Column: Catnip: Tabby’s drug of choice

Published 6:21 pm Thursday, February 2, 2006

By Staff
Last summer, the wife and I were cruising the back roads as we often do looking for native prairie plants for potential seed collecting. We were west of Edwardsburg in what a century and a half ago was an area called Beard's Prairie. Along the roadside I spotted a plant I wasn't familiar with. It had all the earmarks of being in the mint family, square stem, mint-like leaves and tiny white flowers covering spiky stalks.
The wife isn't much into wildflowers, but she's pretty skookum about garden plants and their accompanying weeds. When I excitedly showed her my new find she said, “Oh, that's just catnip. I weed that junk out of the garden all the time.”
Not being a cat person I'd never given catnip any thought. I must have assumed it just grew inside cat toys sort of like mold. I remember as a kid how mom's cat went nuts over a catnip-stuffed toy. He'd sniff in deep breaths of the apparently marvelous odor, roll on it, rub it with his head and generally act goofier than a pet coon. Recently, I had some spare time and decided to look into this catnip phenomenon.
I was right, catnip is in the mint family. In fact, another common name for it is cat mint. It is native to Asia and Eastern Europe but it was one of the more prized herbs used for both food and medicine and, wherever early man went, he took catnip with him.
It spread right along with civilization. The Egyptians, being cat worshipers, were especially into catnip. Early settlers brought catnip with them to the New World where it eventually spread throughout much of the U.S. portion of North America. Apparently, this is the area with the most suitable growing conditions. Now, as the wife pointed out, to most of us it's just an obnoxious alien weed.
Catnip apparently does have many endearing qualities for humans, although quite different than for cats. Before the days of grocery store seasonings catnip was used to flavor sauces, soups and stews and brewed up as tea. During the Middle Ages it was used to treat everything from mental illness to colds and gastrointestinal complaints. Those into herbal remedies still swear by it to calm nervous disorder and treat nausea and diarrhea. It's also reported crushed catnip leaves applied to an aching tooth or gums relieves the pain almost instantly (so does whacking yourself on the toe with a hammer, by the way).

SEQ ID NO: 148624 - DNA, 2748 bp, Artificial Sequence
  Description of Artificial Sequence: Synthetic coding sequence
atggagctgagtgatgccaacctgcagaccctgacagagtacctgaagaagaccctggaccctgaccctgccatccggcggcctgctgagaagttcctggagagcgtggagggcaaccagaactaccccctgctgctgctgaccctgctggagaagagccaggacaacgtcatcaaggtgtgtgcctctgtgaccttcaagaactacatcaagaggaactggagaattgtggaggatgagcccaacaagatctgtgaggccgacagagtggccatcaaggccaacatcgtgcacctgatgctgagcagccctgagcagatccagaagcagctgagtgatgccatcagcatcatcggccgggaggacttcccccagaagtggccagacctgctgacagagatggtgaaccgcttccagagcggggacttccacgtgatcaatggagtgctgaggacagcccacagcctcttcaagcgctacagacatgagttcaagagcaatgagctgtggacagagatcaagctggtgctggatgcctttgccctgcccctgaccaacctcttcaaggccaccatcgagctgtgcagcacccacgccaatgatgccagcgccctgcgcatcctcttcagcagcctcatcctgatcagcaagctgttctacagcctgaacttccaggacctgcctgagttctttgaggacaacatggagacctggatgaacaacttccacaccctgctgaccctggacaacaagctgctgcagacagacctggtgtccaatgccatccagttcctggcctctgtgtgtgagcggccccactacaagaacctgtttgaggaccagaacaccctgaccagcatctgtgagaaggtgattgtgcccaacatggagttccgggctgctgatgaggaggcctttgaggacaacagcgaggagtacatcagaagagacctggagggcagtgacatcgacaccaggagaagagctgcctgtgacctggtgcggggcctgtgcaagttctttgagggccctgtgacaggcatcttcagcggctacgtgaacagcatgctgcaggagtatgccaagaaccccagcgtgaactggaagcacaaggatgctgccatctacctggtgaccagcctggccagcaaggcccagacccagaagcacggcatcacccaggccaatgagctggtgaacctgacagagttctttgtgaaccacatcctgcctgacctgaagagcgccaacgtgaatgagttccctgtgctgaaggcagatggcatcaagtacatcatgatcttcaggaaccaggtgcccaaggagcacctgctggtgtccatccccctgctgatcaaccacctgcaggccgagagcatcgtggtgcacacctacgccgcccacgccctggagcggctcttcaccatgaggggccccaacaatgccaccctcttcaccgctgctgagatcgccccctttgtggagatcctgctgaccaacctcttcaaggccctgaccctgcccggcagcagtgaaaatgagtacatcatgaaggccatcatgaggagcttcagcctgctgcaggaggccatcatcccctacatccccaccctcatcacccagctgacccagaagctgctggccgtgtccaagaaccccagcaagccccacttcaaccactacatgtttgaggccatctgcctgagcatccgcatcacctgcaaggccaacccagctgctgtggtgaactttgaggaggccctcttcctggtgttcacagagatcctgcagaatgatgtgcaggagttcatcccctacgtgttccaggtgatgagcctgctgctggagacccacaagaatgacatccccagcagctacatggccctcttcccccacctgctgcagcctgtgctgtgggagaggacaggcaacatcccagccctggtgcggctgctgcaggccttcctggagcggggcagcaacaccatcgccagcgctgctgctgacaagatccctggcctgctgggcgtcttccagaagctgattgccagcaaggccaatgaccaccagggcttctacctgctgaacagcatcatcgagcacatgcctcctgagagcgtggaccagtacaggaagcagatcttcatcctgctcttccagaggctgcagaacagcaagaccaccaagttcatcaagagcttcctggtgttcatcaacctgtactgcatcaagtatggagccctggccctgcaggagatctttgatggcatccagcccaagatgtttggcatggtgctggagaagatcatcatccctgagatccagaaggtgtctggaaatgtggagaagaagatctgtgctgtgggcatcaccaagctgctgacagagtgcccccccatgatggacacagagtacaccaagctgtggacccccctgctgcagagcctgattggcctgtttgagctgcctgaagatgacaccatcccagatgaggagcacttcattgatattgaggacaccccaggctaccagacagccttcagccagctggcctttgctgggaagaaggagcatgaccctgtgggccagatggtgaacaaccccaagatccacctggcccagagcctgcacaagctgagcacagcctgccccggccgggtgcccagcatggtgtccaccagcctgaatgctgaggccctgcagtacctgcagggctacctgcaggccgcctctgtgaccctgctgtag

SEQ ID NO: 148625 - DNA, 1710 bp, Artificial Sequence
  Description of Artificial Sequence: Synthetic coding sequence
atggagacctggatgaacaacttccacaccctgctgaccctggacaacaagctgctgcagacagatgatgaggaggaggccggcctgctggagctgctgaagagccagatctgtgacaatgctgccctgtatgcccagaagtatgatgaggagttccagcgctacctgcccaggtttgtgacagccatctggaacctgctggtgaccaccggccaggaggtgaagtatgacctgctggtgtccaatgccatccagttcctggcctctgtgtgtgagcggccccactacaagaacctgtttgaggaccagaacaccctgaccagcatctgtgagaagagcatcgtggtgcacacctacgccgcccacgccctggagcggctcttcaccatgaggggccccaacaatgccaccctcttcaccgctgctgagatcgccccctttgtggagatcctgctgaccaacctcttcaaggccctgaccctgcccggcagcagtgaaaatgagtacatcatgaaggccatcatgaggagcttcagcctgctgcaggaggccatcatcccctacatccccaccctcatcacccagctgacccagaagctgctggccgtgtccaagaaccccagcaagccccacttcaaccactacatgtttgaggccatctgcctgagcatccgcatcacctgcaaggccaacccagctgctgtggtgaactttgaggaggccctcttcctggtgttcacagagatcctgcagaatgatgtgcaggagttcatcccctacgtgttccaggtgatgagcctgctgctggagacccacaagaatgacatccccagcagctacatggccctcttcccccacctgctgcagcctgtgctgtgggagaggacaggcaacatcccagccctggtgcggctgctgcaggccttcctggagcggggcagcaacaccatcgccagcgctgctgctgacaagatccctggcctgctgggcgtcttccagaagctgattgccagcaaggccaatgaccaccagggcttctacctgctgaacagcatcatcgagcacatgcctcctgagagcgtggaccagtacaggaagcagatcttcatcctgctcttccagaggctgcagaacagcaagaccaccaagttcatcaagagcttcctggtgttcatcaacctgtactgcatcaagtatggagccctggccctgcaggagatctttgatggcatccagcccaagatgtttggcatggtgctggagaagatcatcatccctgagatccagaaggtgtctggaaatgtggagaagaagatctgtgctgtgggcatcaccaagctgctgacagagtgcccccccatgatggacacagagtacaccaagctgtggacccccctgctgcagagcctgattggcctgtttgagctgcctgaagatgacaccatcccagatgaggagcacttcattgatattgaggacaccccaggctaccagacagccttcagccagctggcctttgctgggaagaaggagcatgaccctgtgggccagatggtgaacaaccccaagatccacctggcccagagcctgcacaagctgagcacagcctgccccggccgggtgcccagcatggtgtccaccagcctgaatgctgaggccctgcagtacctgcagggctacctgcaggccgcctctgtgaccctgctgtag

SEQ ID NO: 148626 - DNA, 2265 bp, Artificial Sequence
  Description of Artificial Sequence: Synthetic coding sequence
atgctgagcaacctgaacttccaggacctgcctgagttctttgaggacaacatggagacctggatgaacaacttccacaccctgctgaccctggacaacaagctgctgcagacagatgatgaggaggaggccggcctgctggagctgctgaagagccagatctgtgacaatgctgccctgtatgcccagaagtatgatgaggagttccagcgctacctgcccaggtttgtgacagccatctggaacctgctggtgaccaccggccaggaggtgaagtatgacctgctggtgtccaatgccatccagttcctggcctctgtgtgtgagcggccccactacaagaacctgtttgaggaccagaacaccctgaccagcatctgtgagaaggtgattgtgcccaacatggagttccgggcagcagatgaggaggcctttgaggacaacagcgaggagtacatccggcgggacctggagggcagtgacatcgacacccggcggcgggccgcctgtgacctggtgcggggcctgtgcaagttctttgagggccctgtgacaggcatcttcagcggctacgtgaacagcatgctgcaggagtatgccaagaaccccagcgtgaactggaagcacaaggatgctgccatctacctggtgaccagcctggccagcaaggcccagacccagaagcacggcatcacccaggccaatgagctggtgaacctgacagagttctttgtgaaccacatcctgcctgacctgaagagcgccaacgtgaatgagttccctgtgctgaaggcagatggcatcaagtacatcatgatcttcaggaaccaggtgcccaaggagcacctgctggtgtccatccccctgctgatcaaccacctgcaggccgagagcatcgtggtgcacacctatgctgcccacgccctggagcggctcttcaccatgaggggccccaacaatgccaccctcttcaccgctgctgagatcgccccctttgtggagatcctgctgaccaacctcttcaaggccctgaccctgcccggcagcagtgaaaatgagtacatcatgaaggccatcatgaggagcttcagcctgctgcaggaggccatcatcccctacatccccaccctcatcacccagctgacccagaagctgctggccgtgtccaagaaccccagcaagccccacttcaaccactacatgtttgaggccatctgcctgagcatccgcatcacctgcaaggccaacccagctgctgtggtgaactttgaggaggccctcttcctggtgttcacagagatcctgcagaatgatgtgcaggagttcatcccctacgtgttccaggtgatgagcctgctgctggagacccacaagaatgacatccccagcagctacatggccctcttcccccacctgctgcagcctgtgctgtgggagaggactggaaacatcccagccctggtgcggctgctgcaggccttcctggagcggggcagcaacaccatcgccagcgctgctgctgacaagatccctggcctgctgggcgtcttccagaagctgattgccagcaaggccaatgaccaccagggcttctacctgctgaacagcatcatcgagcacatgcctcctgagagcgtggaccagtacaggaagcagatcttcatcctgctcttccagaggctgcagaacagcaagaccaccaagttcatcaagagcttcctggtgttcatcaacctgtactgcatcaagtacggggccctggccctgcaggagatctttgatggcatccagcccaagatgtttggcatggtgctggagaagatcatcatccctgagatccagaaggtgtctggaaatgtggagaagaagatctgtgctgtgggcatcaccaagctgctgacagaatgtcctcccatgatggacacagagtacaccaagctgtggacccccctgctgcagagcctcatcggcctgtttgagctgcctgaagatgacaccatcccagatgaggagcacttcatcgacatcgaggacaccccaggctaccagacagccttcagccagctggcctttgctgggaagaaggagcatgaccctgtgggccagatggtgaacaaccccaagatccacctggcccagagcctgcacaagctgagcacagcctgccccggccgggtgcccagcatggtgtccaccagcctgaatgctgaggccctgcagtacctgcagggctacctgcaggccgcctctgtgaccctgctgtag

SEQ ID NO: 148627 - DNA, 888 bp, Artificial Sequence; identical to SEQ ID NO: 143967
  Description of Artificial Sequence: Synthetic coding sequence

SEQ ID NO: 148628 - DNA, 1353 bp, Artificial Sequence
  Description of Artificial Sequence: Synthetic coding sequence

The real thrust of my curiosity, though, was the effect it had on cats. It evokes equal response to all members of the cat family from house cats to cougars, leopards, lions and tigers, but not with every cat. Only about two thirds of cats go bonkers. The rest ignore it or even go out of their way to avoid it. Also, few kittens show any interest in catnip. If it's going to, the response develops at around three months of age. It's believed a cat's penchant for catnip or lack thereof is hereditary.
So why does catnip get cats so wound up? It's a chemical compound in the stems and leaves called nepetalactone. To cats this is a behavior-modifying drug that, ironically, is chemically similar to certain drugs that are euphoric and hallucinogenic to humans (it has little such effect on humans). Since we haven't bridged the communication gap we don't know for sure just where a cat goes on this stuff but apparently it's quite a trip. It's the ultimate cat recreational drug, for when sniffed it's an upper. When the cat's ready to come down from the high (usually about six minutes) he can ingest it and then it works as a sedative downer. Best of all, it's harmless and non-addictive.
Here you've been misreading your cat all this time. You thought when Tabby went out at night it was to stir up a good back-alley brawl and then unwind with a little whoopee.
Now you know he's really roaming the neighborhood saying, “Hey dudes, let's go hang out in the garden and do some weed.” Carpe diem.